Tailwinds and headwinds: how does growth in the BRICs affect inflation in the G7?

Working papers set out research in progress by our staff, with the aim of encouraging comments and debate.
Published on 06 April 2011

Working Paper No. 420
By Anna Lipińska and Stephen Millard 

In this paper, we analyse the impact of a persistent productivity increase in a set of countries - which we think of as the BRIC economies - on inflation in their trading partners, the G7. In particular we want to understand conditions under which this shock can lead to tailwinds or headwinds in the economies of trading partners. We build a three-country DSGE model in which there are two oil-importing countries (home and foreign) and one oil-exporting country. We perform several experiments where we try to disentangle the importance of different factors that can shape inflation dynamics in the home country when the foreign country is hit by a persistent productivity shock. These factors are wage stickiness, the role of the oil sector and its share in both consumption and production, foreign monetary policy and the degree of completeness of financial markets. We find that the tailwinds effect, lowering inflation in the home economy, dominates the headwinds effect as long as there is scope for borrowing and lending across countries and the foreign country’s production is not too oil intensive.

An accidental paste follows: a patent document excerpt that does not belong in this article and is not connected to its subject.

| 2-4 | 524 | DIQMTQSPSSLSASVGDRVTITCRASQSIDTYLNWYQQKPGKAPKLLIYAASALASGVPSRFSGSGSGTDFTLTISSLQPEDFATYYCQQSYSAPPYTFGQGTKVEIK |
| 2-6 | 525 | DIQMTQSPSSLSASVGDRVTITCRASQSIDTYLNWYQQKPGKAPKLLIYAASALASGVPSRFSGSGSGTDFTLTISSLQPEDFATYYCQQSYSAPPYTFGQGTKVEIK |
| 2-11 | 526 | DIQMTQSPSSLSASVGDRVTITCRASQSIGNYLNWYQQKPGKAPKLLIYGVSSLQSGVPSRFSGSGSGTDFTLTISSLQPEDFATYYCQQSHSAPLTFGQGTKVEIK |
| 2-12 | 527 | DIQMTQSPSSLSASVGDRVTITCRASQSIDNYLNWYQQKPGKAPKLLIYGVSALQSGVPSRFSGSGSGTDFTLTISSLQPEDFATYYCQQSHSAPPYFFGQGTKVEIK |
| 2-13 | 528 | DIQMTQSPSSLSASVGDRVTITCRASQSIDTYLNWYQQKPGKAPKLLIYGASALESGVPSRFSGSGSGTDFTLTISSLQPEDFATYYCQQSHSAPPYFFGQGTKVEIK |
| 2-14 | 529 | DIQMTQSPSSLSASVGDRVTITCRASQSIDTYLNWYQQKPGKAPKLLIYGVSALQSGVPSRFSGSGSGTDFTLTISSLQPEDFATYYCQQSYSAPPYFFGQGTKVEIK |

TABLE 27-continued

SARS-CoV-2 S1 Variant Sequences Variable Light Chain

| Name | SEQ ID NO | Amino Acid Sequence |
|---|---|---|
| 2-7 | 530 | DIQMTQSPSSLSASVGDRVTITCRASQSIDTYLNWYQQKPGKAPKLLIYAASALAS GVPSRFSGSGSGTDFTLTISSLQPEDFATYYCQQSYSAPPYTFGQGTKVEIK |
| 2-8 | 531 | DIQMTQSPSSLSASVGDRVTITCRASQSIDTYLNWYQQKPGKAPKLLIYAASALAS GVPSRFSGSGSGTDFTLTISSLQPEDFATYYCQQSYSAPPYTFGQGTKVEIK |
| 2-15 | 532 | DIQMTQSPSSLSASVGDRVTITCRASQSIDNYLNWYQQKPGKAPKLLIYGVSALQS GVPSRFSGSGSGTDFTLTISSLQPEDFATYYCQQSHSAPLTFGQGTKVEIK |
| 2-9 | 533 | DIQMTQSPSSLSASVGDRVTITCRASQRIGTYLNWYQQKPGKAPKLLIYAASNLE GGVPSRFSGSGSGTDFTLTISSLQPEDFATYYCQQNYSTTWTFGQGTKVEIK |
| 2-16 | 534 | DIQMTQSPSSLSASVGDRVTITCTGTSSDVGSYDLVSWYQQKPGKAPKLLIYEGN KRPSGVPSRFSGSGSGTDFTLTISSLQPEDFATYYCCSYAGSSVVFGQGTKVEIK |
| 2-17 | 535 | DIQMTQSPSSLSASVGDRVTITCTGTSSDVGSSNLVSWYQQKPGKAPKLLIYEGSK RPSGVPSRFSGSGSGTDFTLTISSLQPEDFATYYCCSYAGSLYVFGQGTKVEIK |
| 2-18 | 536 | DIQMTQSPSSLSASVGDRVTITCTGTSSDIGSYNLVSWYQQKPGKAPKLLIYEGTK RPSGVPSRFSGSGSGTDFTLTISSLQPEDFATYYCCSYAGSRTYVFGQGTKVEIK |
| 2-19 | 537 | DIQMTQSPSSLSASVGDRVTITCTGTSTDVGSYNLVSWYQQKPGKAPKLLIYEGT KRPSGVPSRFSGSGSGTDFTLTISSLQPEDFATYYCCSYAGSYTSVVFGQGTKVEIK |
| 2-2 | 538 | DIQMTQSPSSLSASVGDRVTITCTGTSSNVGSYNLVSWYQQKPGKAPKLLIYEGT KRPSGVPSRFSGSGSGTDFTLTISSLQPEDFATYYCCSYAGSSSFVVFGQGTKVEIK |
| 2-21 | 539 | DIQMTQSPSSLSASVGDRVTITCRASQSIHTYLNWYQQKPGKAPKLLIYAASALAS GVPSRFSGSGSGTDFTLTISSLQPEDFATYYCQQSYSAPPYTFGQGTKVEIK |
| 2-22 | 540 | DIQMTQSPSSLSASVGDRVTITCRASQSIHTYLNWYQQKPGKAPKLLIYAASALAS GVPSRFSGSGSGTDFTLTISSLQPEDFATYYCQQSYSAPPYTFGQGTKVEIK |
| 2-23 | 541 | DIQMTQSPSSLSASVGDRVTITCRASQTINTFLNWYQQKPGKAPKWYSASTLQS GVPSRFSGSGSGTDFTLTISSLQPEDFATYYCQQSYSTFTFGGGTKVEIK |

PDFTailwinds and headwinds: how does growth in the BRICs affect inflation in the G7?

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